Galaxy offers two methods for file scanning. With NTFS 5 (Windows 2000/XP/2003) Galaxy uses the Windows Change or USN Journal. Each NTFS volume manages its own USN Journal. Every change to a file on that volume is logged with an Update Sequence Number (USN) to the respective volume's journal. At the start of each backup, the largest USN for each change journal is recorded by Galaxy as a reference point. If this is an incremental backup, each file's USN is compared against the reference USN recorded from the previous backup. All files with a USN larger than the reference USN are added to a collection file list for backup. If the backup is successful, its USN is kept as the new reference USN.
For all other file systems (NTFS 4, FAT, UFS, etc.) Galaxy uses its Classic File Scan method. With classic file scan, Galaxy records the start time of each backup as a reference time. If this is an incremental backup, the modification time (MTIME) of each file is compared to the reference time from the previous backup. If the file's modification time is later than the reference time, the file is added to a collection file list for backup. If the backup is successful, the start time of that backup is kept as the reference time.
The reference USN or modification time is maintained independently for each file system subclient. This independence supports the scheduling of different backup times and frequency for each subclient.
For Windows and Netware systems, the archive bit is also an indicator that a file needs to be backed up. Including the archive bit in the Galaxy classic file scan is an administrator+óGé¼Gäós choice. There could be circumstances where an application sets the archive bit without modifying the contents of the file. In this case, the administrator may, or may not, want to backup these files. With the classic file scan method, the option to include the archive bit as a backup indicator is enabled by default. The file system backup API resets the archive bit after it has been successfully backed up.
The File System iDataAgent Properties page presents the option (if available) to choose the change journal or classic file scan method. The file scan method option is only available for a subclient whose content resides exclusively on NTFS 5 file volumes. All others file systems are forced to the classic file scan method
When given a choice, which file scan method is better? If the subclient content covers whole NTFS volumes (vice just specific directories within the volume(s)) the change journal should be faster. However as the number of files increase, the performance of the change journal scan can drastically decrease. This is due to Galaxy caching the change journal information in memory during the scan. If the number of files is large enough, it may force the system to start swapping memory pages. This can slow the scan process significantly.
The classic file scan does no memory caching. It+óGé¼Gäós a basic disk read of the modification time and archive bits for all files in the subclient content path(s). For a large number of files or for subclient content path(s) less than a volume level, the classic file scan can be faster.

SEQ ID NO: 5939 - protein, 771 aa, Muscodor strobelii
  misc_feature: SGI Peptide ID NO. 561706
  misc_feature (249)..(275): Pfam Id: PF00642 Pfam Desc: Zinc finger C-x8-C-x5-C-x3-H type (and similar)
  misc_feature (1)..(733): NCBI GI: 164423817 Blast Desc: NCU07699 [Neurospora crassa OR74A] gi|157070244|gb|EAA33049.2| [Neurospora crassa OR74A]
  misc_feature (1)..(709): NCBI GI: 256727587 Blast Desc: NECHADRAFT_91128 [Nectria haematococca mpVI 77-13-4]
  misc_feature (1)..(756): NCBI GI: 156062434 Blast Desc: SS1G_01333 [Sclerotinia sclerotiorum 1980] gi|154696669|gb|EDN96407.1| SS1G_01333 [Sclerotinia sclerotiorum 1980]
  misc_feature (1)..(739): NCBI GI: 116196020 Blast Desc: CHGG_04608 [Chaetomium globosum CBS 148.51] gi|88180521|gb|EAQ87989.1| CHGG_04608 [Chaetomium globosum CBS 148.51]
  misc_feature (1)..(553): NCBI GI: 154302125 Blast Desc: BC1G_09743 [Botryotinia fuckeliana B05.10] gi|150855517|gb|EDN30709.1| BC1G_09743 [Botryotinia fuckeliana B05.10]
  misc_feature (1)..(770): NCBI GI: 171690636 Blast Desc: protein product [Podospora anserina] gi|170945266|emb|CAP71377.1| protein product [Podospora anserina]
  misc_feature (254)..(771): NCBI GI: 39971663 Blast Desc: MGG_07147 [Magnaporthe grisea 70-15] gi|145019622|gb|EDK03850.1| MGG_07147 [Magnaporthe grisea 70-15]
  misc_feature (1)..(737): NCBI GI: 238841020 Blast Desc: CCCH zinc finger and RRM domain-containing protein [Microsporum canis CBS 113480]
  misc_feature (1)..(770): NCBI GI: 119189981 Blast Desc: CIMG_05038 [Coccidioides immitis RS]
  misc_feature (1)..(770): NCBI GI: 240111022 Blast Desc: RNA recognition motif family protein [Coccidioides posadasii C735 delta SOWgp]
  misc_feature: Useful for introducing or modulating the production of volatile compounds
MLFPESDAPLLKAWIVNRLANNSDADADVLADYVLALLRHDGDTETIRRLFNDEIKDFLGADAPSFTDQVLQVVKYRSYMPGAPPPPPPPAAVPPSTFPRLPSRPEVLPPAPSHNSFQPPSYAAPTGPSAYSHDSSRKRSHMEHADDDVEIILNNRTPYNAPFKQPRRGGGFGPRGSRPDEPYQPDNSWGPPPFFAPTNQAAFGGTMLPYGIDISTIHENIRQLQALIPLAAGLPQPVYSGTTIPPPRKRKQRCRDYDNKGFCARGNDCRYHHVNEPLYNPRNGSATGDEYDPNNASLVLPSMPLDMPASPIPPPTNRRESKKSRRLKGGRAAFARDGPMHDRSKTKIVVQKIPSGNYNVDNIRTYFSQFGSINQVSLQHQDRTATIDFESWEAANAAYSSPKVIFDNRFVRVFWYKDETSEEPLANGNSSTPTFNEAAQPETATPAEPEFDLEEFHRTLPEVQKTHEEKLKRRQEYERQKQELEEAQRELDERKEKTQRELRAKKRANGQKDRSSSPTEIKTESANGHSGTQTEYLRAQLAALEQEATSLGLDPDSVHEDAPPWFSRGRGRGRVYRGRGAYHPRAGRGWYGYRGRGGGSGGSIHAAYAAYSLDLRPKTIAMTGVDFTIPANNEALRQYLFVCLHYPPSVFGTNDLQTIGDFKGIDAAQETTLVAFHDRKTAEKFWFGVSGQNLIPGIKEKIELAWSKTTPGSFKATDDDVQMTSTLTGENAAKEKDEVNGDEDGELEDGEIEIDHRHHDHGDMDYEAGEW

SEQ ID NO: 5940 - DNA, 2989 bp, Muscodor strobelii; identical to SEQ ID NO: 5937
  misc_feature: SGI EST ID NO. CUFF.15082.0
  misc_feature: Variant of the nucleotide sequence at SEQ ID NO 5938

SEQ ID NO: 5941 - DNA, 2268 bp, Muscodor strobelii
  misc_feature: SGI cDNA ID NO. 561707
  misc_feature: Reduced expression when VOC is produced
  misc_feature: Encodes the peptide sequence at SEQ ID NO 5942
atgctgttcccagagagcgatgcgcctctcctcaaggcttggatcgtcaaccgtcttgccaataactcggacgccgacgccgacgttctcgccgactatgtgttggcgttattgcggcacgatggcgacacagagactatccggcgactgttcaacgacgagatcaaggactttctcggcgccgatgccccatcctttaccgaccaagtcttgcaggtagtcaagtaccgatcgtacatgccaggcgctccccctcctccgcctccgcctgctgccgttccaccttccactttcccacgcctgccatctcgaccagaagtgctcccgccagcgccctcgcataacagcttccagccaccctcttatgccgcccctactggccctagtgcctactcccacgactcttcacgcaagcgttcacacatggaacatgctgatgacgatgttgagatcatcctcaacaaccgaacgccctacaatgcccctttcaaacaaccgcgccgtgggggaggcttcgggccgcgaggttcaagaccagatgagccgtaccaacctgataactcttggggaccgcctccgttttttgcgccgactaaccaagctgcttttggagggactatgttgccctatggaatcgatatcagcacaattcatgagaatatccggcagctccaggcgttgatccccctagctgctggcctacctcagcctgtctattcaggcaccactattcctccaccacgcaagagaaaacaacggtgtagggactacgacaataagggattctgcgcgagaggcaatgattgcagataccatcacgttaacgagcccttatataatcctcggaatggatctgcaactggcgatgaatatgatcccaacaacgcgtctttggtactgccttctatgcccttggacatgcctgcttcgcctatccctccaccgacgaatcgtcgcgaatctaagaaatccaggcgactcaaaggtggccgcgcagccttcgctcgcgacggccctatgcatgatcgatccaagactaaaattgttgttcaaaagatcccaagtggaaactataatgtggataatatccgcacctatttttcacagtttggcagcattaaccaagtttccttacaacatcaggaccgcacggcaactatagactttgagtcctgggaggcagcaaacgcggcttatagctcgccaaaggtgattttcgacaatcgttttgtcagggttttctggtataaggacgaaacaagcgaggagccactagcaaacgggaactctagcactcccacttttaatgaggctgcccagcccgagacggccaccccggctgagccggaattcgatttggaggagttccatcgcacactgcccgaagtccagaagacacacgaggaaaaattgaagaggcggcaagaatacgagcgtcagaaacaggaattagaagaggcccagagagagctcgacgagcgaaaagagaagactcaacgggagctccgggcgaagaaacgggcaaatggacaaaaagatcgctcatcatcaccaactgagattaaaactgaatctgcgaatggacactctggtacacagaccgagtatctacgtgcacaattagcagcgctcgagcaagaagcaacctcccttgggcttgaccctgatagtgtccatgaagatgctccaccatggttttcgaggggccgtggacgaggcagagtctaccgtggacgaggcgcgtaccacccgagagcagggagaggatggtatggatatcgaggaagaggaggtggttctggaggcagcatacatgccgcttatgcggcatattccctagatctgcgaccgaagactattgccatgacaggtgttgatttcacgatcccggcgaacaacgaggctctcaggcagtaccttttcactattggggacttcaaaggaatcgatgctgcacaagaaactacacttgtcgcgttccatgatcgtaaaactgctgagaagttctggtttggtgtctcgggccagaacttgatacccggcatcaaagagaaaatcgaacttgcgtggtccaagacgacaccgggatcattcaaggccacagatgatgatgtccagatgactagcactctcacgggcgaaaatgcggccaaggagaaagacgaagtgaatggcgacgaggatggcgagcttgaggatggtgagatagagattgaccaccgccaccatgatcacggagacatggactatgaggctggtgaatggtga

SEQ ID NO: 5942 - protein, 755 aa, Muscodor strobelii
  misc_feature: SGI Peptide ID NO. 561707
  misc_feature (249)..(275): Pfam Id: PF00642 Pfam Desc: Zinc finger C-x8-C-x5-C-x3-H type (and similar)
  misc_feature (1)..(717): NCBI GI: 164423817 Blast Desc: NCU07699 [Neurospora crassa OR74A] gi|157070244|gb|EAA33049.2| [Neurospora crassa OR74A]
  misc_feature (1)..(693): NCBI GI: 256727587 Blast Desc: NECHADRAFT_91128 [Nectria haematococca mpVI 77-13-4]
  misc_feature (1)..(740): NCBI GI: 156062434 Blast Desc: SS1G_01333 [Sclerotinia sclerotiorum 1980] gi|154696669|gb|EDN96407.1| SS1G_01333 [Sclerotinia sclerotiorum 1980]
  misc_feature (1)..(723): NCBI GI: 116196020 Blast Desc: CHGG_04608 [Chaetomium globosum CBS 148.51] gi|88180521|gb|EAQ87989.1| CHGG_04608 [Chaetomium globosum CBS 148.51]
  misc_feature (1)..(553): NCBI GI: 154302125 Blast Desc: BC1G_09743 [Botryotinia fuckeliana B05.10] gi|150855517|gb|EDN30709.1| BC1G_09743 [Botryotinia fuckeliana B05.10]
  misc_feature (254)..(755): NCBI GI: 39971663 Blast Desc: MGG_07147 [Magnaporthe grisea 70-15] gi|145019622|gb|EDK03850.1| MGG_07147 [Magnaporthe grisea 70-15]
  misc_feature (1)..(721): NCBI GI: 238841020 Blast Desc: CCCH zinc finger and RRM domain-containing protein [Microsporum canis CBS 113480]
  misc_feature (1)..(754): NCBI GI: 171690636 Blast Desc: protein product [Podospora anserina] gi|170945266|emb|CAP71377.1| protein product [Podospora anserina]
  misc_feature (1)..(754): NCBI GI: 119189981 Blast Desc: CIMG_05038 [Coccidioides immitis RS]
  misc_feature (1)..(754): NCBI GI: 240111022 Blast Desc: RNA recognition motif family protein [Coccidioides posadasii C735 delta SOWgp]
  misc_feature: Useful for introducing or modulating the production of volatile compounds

Another reason why the Change Journal scan can be slow is that it logs every error encountered during the scan. These errors are logged in the filescan.log file. With a significant number of errors the act of logging the errors can drastically slow down the scan process. If you are experiencing slow scans, check the filescan.log file on the iDataAgent for errors.
One common error encountered during a Windows file scan is permissions. By default, Galaxy operates under the Windows Local System Account (LSA). The System account, like the local administrator, has access to all files via the Everyone account. If the Everyone account access is removed or limited and the System account is not inherited or explicitly given access you may have permission errors when scanning that file. These errors can drastically slow down your scan and impact your ability to backup and restore files.
Both scan methods might be slowed if there is the need to restore an index from backup. When a file scan is initiated, the Client/iDataAgent contacts the data path MediaAgent to see if an existing index needs to be created, updated or if the index is not in cache, restored from backup. If the drives are all being used, it might take some time before the index is restored. If you are experiencing slow file scans, check the createindex.log on the MediaAgent to see if this is the case.
Additionally, as part of the scan process, an image file is created on the MediaAgent by each incremental file system backup. The image file is a full map of all files whether backed up or not that were scanned in the subclient's content path. Data path performance problems between the Client and MediaAgent can delay the writing of this image file. Again, check the createindex.log on the MediaAgent of see if there is an inordinate time spent on creating this image file.
If given the option of Change Journal or Classic File Scan method and you are experiencing slow scanning performance with one or the other which can not be traced to errors or waiting for an index to be restored - try the other method. Note that shifting scan methods will force a full backup. If the performance is still not acceptable, pass the filescan.log and createindex.log files to customer support for their evaluation.